10. Maria Gallego & Carolyn Pitchik, 1999. "An Economic Theory of Leadership Turnover," Working Papers pitchik-99-01, University of Toronto, Department of Economics.
  11. Aghion, Philippe & Alesina, Alberto F & Trebbi, Francesco, 2002. "Endogenous Political Institutions," CEPR Discussion Papers 3473, C.E.P.R. Discussion Papers.
  12. Leonid Polishchuk & Alexei Savvateev, 2004. "Spontaneous (non)emergence of property rights," The Economics of Transition, The European Bank for Reconstruction and Development, vol. 12(1), pages 103-127, 03.
  13. Goriaev, Alexei P. & Sonin, Konstantin, 2005. "Is Political Risk Company-Specific? The Market Side of the Yukos Affair," CEPR Discussion Papers 5076, C.E.P.R. Discussion Papers.
  14. Serguey Braguinsky & Roger Myerson, 2007. "A macroeconomic model of Russian transition," The Economics of Transition, The European Bank for Reconstruction and Development, vol. 15(1), pages 77-107, 03.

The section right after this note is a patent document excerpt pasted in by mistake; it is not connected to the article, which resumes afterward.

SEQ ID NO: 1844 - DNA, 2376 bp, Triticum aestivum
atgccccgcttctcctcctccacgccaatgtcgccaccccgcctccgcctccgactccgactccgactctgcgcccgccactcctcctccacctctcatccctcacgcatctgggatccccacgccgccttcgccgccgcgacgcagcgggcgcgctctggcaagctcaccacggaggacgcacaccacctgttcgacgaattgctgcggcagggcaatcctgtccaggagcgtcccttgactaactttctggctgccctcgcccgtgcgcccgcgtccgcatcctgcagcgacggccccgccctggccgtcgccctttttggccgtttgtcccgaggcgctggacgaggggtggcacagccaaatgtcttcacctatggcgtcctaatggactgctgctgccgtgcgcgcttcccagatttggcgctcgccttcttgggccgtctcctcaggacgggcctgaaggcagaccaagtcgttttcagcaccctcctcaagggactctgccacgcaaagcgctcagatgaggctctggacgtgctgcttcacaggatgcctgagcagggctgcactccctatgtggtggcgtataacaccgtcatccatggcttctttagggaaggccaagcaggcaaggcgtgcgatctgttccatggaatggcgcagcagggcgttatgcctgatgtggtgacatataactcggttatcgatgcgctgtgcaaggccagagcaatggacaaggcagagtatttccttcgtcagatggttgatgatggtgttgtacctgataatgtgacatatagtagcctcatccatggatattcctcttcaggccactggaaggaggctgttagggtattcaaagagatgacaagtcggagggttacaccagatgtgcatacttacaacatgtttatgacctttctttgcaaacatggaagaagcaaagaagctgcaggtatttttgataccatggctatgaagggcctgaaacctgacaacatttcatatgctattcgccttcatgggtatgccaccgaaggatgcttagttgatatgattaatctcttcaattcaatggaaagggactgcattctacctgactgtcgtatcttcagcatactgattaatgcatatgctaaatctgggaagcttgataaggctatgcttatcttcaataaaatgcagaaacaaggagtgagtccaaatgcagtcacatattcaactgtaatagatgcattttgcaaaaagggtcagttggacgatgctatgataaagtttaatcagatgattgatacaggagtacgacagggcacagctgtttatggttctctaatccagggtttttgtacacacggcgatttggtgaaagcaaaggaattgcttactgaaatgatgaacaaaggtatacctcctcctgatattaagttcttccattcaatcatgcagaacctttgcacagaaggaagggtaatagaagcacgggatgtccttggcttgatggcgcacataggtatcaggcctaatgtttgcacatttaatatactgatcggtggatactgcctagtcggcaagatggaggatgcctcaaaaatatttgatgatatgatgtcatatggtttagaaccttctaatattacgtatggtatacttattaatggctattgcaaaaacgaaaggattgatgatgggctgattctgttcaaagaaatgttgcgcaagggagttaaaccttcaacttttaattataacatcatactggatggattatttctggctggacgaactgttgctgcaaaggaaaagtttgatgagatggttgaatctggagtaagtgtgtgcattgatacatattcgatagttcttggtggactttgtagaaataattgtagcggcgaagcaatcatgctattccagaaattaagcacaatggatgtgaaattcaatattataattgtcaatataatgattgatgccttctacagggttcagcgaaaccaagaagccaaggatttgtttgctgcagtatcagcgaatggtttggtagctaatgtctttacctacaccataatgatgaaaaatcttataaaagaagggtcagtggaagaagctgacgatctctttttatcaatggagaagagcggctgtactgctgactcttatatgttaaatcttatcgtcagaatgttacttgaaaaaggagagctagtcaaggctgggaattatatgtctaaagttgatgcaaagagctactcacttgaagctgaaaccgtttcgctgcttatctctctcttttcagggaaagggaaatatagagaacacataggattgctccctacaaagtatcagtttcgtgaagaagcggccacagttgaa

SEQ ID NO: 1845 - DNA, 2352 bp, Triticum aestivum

15. Daron Acemoglu, 2008. "Oligarchic Versus Democratic Societies," Journal of the European Economic Association, MIT Press, vol. 6(1), pages 1-44, 03.
  16. Philippe Aghion & Alberto Alesina & Francesco Trebbi, 2005. "Choosing Electoral Rules: Theory and Evidence from US Cities," NBER Working Papers 11236, National Bureau of Economic Research, Inc.
  17. Aghion, Philippe & Bolton, Patrick, 2003. "Incomplete Social Contracts," Scholarly Articles 4554123, Harvard University Department of Economics.
  18. Avinash K. Dixit & Robert S. Pindyck, 1994. "Investment under Uncertainty," Economics Books, Princeton University Press, edition 1, volume 1, number 5474.
  19. Mark Gradstein, 2007. "Inequality, democracy and the protection of property rights," Economic Journal, Royal Economic Society, vol. 117(516), pages 252-269, 01.
  20. Daron Acemoglu & James A. Robinson & Thierry Verdier, 2003. "Kleptocracy and Divide-and-Rule: A Model of Personal Rule," NBER Working Papers 10136, National Bureau of Economic Research, Inc.
  21. Murphy, Kevin M & Shleifer, Andrei & Vishny, Robert W, 1991. "The Allocation of Talent: Implications for Growth," The Quarterly Journal of Economics, MIT Press, vol. 106(2), pages 503-30, May.